Did Canadian Prime Minister Justin Trudeau transfer Canadian border control to the United Nations by siging the "UN Global Compact On Migration"? No, that's not true: a summary of an article on the website of a tiny Canadian political party opened with a headline making that claim and it went quite viral but the actual text of the pact says the exact opposite.
The claim was made in a summary published on December 12, 2018 on the website of the (tiny) Cultural Action Party of Canada titled "Justin Trudeau Transfers Canadian Border Control To United Nations" (archived here) which read:
The Compact begins a TRANSFER OF AUTHORITY from national governments, to the centralized authority of the United Nations, turning migration (AKA control of national borders), into something dominated by supranational institutions.
Here is the article it links to:
Betrayal: Trudeau Government Signs UN Global Compact On Migration, Dealing A Devastating Blow To Canadian Sovereignty - Spencer Fernando
By signing the UN Global Compact, Trudeau is setting up a steady erosion of Canada's independence, taking power away from the Canadian People. The Trudeau government has betrayed the Canadian People by signing the UN Global Compact on Migration, dealing a severe blow to Canada's sovereignty.
Now let's compare that to what the pact actually says (you can read it in full here).
First of all, the document is not legally binding and it explicitly says it upholds the sovereignty of states:
This Global Compact presents a non-legally binding, cooperative framework that builds on the
commitments agreed upon by Member States in the New York Declaration for Refugees and
Migrants. It fosters international cooperation among all relevant actors on migration,
acknowledging that no State can address migration alone, and upholds the sovereignty of
States and their obligations under international law.
It explicitly mentions this also goes for border management policies:
27. We commit to manage our national borders in a coordinated manner, promoting bilateral and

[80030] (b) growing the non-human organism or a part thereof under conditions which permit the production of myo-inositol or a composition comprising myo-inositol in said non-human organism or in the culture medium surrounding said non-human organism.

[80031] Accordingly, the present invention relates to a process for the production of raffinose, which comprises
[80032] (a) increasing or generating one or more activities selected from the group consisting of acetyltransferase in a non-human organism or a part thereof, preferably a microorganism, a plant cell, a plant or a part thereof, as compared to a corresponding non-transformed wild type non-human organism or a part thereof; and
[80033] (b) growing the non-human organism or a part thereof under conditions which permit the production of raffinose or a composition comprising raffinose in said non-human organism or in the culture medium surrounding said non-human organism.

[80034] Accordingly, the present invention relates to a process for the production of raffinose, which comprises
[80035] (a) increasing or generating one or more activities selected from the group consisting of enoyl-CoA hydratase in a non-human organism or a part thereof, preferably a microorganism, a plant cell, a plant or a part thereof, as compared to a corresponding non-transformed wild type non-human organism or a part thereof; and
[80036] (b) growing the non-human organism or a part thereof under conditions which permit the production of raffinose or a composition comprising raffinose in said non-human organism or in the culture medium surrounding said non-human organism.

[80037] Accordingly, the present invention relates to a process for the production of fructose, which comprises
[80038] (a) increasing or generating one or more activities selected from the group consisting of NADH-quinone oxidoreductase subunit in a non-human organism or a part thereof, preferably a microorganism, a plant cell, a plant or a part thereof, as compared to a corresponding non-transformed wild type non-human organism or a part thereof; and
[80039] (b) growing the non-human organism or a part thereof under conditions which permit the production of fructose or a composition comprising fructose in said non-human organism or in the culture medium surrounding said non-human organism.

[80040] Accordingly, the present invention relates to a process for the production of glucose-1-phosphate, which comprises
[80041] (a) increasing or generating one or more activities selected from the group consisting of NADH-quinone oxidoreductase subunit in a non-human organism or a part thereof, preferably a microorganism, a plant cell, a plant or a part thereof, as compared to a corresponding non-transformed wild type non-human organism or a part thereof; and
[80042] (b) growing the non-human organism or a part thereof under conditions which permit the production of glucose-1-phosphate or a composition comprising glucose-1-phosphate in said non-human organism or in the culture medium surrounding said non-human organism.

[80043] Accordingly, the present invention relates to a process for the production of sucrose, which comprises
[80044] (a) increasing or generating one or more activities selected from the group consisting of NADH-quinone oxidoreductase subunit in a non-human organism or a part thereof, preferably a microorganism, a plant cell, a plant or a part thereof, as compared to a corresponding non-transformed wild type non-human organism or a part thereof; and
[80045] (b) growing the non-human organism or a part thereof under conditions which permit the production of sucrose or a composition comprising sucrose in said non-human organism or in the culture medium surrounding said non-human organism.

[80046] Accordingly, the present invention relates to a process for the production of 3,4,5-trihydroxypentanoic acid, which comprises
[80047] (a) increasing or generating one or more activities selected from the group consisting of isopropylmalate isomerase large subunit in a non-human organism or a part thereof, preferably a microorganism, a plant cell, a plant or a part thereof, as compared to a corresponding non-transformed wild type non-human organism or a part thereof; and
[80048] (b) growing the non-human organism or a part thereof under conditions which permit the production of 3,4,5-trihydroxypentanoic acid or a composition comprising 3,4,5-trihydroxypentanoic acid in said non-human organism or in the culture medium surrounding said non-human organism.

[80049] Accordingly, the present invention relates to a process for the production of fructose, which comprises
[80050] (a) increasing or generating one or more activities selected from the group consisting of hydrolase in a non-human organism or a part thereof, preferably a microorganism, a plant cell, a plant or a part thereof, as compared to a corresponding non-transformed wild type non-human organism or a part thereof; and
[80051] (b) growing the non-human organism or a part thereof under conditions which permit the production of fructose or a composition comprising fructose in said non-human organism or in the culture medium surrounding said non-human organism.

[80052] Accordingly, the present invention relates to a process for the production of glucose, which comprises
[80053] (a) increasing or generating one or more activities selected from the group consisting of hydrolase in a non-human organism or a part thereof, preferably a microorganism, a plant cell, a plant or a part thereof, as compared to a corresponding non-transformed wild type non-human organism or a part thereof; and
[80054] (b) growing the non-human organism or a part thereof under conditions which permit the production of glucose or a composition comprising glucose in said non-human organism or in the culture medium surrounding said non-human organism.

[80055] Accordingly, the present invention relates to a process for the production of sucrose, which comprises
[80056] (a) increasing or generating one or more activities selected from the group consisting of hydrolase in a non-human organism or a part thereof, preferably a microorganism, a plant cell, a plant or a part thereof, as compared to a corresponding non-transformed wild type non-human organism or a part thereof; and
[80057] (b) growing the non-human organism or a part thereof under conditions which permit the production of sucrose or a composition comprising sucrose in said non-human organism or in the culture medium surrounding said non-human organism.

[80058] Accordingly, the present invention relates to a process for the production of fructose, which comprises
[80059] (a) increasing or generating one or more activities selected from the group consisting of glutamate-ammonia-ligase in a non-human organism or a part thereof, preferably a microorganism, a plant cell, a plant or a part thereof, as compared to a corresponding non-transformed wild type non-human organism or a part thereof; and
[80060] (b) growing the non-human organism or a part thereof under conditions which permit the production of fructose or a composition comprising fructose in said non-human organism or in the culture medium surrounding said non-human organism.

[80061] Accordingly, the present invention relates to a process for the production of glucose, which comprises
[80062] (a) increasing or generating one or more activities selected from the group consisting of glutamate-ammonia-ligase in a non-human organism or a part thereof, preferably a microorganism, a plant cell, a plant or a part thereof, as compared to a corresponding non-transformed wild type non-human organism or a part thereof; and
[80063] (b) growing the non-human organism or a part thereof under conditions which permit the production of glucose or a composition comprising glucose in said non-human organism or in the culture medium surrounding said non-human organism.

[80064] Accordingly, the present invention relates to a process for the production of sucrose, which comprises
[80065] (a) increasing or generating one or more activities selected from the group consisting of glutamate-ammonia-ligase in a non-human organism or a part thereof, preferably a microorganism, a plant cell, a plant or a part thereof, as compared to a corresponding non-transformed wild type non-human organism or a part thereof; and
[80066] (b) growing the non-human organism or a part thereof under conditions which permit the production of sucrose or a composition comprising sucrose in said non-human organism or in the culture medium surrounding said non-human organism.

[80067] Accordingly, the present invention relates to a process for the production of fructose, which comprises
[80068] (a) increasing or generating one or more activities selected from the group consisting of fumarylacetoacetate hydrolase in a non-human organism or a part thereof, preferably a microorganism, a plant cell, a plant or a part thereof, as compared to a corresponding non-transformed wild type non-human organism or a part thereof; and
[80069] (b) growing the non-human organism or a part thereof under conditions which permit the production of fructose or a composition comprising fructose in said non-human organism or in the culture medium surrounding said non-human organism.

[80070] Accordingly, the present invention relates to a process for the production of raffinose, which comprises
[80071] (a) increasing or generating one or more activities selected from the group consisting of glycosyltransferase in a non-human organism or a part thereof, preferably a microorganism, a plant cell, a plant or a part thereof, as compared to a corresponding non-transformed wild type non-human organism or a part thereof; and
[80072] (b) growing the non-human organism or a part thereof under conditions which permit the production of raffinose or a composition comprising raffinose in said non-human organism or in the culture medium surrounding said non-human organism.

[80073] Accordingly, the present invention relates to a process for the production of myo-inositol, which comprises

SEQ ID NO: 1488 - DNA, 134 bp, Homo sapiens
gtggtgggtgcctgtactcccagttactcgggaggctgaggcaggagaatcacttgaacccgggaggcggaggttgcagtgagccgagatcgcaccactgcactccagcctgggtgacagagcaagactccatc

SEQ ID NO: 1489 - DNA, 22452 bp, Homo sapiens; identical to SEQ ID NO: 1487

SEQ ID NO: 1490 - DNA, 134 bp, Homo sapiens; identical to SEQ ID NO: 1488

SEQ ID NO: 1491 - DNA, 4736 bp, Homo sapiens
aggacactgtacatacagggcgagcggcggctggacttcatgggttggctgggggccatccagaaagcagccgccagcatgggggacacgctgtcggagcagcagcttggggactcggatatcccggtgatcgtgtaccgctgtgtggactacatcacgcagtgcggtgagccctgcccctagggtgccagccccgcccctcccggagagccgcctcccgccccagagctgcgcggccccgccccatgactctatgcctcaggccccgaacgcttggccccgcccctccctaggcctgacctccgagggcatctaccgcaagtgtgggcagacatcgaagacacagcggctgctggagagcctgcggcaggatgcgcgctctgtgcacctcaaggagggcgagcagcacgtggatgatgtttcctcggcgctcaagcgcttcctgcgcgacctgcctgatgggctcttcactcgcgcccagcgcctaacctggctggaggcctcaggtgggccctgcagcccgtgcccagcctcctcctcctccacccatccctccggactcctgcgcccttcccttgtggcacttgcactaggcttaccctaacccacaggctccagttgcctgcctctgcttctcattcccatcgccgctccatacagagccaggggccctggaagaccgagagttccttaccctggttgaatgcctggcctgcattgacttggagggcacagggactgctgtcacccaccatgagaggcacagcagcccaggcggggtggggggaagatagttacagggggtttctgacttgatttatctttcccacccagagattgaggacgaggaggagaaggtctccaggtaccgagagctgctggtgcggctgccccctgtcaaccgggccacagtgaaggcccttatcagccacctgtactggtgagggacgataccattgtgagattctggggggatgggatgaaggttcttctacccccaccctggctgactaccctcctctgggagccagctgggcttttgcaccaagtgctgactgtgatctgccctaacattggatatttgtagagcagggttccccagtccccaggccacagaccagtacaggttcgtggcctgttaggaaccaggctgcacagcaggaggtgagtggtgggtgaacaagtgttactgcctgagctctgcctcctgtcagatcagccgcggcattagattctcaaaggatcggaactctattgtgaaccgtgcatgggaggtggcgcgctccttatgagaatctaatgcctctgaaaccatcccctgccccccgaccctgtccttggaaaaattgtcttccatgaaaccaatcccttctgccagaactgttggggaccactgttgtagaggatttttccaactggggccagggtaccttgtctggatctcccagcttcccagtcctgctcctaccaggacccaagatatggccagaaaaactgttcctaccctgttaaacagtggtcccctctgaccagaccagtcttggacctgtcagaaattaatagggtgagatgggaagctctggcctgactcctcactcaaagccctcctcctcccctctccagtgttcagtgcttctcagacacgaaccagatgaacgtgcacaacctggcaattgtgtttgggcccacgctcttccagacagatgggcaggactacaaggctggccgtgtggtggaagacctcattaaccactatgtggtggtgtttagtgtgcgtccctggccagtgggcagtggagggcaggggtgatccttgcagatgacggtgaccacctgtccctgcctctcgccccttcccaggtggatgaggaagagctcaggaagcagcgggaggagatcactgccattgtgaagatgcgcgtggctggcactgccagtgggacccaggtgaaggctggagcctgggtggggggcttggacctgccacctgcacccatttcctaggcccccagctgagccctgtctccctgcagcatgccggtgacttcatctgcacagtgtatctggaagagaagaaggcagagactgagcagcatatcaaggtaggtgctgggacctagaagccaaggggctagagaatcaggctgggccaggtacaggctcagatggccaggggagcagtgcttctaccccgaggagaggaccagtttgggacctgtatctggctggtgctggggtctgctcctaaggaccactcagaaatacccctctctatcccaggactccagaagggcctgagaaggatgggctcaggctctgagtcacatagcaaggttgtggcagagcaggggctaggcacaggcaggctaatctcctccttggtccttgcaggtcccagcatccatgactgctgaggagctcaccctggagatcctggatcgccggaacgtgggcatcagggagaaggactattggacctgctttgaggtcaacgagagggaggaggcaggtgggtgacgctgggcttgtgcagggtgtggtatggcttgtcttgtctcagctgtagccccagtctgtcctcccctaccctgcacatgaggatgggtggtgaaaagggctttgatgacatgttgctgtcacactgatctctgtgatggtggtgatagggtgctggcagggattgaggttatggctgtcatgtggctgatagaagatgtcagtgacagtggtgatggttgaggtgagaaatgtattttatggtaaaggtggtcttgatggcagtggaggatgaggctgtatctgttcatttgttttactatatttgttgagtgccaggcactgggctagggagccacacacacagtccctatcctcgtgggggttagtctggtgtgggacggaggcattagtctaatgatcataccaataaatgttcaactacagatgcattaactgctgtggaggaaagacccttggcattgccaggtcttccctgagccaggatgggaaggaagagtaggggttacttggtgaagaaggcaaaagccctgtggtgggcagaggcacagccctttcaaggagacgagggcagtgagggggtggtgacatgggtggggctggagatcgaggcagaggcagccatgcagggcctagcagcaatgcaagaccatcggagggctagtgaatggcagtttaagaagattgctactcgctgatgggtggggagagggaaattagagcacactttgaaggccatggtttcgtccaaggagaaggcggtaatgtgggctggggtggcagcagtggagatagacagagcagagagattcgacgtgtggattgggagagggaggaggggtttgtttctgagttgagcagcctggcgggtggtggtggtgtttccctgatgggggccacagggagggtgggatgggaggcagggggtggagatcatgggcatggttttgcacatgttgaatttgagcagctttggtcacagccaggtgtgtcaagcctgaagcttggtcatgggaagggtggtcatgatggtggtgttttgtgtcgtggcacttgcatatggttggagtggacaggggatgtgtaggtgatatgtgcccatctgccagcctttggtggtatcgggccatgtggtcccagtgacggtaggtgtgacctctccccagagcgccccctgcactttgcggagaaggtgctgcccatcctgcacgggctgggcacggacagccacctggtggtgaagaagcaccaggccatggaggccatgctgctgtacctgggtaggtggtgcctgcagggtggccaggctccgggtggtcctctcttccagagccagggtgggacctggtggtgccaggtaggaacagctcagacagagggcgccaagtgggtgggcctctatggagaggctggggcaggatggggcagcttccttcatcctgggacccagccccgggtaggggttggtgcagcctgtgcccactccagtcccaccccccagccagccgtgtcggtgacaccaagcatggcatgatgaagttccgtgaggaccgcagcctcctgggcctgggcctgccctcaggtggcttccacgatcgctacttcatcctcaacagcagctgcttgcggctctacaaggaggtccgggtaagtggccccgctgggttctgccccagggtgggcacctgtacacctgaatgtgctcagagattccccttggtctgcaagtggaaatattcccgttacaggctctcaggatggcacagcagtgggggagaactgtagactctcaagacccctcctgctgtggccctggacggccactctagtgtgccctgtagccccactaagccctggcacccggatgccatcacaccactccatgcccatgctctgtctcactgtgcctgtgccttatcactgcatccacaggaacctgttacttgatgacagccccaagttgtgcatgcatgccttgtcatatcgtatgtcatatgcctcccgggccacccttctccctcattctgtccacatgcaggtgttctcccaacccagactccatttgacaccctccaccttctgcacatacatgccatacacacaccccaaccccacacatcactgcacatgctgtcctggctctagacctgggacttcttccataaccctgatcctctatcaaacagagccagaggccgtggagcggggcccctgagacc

regional cooperation, ensuring security for States, communities and migrants, and facilitating
safe and regular cross-border movements of people while preventing irregular migration. We
further commit to implement border management policies that respect national sovereignty, the
rule of law, obligations under international law, human rights of all migrants, regardless of their
migration status, and are non-discriminatory, gender-responsive and child-sensitive.
It also says migration policiy and determining migration status is something that is the right of sovereign states:
National sovereignty: The Global Compact reaffirms the sovereign right of States to determine
their national migration policy and their prerogative to govern migration within their jurisdiction,
in conformity with international law. Within their sovereign jurisdiction, States may distinguish
between regular and irregular migration status, including as they determine their legislative and
policy measures for the implementation of the Global Compact, taking into account different
national realities, policies, priorities and requirements for entry, residence and work, in
accordance with international law.
The references to international law are about things like freedom of speech, freedom of conscience, the right to life etc. that are part of general human rights agreed between countries. It just means you can't randomly shoot, forcibly convert, imprison or torture people at the border (or anywhere else, for that matter). But states are still free to decide who they let in (or not). Including Canada.
So the claim that the United Nations are now running Canadian border control is objectively not true. Canada is still able to decide who gets in or not (even though some people may not agree on the policy decided on by the Canadian government, but that is a different discussion).
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